The temporal punishment suffered by souls in Purgatory consists of two torments: (1) delay of entry into glory; and (2) pains of sense. The Church has never defined that fire punishes the souls in Purgatory but has taught that there is, in addition to the pain caused by the delay in seeing God, a pain of sense, which has not been precisely described.

How long do those in Purgatory suffer and how severe are their pains? It is certain that Purgatory will not last beyond the day of the General Judgment when all men will be divided into only two classes. ("And these shall go into everlasting punishment but the just into everlasting life" [Matt. 25:46].) The duration of suffering, however, can be long. For this reason the Church puts no time limit on the prayers to be said and Masses to be offered for any deceased individual. Although the Church has made no statement about the intensity of purgatorial pains, some saints have. Saint Thomas Aquinas wrote: "The least pain of Purgatory exceeds the greatest pain of this life."

It is the doctrine of the Mystical Body of Christ which is the certain foundation for the faithful on earth assisting the souls in Purgatory. Christ is the head of this body (Col. 1:18) and those who are baptized into Christ are its members. "For in one spirit were we all baptized into one body . . . " (1 Cor. 12:13). The bonds of this body are so strong that death cannot destroy them. The souls now enjoying the Beatific Vision are united to Christ in a union that cannot be broken. They are the Church Triumphant. Because those on earth who are baptized are also united to Christ, they must be united with these souls whose intercession they seek to obtain from God both temporal as well as spiritual favors.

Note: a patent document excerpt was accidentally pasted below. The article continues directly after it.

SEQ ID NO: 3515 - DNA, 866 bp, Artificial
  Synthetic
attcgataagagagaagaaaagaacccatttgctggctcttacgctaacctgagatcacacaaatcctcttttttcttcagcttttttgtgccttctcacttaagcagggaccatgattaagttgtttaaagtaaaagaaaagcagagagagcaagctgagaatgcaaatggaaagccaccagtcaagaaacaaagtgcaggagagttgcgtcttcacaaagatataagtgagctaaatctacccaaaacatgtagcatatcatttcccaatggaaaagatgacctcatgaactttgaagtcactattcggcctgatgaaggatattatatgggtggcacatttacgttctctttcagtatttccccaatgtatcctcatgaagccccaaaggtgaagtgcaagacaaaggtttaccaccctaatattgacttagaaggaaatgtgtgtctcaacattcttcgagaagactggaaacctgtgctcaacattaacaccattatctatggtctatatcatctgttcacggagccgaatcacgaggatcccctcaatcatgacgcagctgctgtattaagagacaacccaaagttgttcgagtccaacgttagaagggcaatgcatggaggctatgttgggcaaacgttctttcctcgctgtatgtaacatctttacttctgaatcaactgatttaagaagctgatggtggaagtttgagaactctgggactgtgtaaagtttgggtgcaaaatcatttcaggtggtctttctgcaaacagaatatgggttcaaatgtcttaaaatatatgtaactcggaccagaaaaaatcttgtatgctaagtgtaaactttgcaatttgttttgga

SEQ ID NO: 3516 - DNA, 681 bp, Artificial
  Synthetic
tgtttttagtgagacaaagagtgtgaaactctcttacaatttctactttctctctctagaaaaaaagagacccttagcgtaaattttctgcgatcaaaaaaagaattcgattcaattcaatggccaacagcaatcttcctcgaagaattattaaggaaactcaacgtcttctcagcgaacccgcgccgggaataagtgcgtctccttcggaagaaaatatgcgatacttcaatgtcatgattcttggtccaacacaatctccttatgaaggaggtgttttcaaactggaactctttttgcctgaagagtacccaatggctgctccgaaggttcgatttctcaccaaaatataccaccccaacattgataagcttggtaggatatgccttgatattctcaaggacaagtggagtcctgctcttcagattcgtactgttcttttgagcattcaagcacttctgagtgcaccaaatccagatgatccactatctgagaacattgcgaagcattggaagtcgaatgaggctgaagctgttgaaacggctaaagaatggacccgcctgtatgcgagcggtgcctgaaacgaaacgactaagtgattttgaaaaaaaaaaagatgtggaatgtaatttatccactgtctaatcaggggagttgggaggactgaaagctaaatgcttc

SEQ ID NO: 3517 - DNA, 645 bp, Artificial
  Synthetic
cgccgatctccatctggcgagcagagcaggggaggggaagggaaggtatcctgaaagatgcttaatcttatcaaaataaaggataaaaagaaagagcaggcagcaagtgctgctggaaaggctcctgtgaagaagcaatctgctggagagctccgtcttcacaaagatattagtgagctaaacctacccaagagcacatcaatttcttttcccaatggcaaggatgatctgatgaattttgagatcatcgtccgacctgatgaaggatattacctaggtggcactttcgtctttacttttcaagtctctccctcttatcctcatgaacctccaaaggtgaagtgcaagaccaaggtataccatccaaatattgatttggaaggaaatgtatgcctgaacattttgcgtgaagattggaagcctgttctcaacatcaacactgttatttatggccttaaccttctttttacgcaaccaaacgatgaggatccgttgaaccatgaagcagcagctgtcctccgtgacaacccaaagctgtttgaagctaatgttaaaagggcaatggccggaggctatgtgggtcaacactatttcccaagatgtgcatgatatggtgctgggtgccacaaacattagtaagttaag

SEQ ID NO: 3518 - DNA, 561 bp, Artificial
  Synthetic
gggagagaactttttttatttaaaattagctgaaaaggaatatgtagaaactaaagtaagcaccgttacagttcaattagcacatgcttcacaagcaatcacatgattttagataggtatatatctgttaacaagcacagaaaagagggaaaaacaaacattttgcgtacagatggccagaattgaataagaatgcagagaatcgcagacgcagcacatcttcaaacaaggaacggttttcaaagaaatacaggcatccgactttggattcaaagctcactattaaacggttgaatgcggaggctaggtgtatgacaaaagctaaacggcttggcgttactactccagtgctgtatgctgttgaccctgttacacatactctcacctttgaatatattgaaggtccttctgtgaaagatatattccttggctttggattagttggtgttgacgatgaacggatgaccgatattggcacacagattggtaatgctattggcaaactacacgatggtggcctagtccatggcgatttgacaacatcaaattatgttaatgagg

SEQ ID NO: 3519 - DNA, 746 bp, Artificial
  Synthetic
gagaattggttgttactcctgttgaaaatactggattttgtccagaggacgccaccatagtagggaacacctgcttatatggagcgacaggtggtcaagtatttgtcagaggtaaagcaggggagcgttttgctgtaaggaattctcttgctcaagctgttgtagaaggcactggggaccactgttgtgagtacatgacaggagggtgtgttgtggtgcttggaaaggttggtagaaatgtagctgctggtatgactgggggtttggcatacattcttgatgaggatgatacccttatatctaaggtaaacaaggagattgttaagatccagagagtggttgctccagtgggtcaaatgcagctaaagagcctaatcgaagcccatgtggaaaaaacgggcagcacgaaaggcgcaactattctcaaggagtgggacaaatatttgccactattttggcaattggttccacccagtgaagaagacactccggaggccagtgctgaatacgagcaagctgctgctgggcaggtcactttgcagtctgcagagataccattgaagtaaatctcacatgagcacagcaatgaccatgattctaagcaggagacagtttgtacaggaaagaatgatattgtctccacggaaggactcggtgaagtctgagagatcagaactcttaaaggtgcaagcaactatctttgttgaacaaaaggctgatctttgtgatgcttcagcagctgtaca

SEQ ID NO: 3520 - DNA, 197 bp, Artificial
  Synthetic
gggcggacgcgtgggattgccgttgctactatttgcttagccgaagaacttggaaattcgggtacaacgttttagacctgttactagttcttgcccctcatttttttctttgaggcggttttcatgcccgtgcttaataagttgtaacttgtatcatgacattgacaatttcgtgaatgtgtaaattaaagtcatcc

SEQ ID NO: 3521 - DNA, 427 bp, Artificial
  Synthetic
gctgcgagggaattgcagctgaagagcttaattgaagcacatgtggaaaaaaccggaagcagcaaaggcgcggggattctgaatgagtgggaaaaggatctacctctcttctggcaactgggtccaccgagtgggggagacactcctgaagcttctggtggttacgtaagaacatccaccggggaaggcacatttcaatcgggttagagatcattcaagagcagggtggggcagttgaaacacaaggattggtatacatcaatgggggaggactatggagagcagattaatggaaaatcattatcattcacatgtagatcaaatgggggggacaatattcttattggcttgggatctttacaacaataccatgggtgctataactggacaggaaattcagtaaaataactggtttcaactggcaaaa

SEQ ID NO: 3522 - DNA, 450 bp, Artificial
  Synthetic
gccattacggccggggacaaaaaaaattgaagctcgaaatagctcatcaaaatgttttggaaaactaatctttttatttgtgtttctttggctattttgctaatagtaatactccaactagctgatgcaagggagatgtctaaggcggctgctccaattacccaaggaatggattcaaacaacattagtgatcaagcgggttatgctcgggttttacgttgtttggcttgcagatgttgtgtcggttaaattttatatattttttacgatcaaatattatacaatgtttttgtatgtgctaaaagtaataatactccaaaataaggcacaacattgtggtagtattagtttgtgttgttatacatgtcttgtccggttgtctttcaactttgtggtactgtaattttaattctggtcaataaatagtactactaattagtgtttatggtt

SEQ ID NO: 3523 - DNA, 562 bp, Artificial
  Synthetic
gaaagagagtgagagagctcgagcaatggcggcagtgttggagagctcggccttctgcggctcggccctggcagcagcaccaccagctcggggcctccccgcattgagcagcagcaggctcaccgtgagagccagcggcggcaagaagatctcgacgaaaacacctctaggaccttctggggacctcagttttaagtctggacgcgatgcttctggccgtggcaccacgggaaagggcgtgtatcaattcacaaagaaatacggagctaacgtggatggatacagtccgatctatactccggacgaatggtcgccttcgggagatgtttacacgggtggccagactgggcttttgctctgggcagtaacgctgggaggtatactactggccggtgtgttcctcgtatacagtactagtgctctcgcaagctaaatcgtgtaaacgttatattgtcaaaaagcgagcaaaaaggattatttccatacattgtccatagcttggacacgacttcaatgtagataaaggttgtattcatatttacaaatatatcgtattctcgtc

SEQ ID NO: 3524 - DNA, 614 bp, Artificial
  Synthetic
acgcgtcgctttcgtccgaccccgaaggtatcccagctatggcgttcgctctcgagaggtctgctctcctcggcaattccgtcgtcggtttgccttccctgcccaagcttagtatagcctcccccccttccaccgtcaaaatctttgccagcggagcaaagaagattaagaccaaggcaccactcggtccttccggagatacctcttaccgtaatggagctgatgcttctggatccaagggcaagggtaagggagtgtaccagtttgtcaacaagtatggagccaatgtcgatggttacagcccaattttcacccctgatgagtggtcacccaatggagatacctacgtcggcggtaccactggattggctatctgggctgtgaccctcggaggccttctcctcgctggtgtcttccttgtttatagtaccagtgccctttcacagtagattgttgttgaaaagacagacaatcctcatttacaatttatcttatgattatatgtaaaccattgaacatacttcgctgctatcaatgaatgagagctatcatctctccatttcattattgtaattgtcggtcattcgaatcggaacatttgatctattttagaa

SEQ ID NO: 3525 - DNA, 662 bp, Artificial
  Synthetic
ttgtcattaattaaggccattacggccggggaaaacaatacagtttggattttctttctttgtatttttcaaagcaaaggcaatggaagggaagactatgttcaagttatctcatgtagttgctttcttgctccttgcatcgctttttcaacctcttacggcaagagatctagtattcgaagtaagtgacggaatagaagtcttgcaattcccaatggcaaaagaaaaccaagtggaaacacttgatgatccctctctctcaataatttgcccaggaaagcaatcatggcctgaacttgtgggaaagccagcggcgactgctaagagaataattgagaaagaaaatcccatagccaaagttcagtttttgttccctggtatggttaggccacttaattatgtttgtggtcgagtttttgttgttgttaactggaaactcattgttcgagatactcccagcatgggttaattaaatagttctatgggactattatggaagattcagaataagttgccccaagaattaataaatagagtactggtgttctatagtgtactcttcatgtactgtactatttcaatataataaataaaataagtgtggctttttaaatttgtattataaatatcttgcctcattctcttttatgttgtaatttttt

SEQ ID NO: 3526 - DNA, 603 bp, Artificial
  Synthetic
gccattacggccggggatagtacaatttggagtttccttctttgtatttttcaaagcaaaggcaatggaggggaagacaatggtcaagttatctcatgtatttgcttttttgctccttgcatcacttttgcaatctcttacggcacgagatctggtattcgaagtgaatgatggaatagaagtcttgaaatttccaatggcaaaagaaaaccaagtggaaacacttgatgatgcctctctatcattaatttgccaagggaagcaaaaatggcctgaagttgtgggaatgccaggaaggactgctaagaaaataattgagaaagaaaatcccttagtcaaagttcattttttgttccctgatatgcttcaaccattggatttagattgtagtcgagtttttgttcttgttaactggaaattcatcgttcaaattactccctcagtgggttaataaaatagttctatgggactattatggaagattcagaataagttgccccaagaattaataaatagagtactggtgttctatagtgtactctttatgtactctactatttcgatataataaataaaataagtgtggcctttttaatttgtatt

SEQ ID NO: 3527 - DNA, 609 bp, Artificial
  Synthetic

As the saints in heaven are solicitous for the souls of the living, so should the living be solicitous for the souls in Purgatory. Saint Paul teaches: "And if one member suffer anything, all the members suffer with it (1 Cor. 12:26).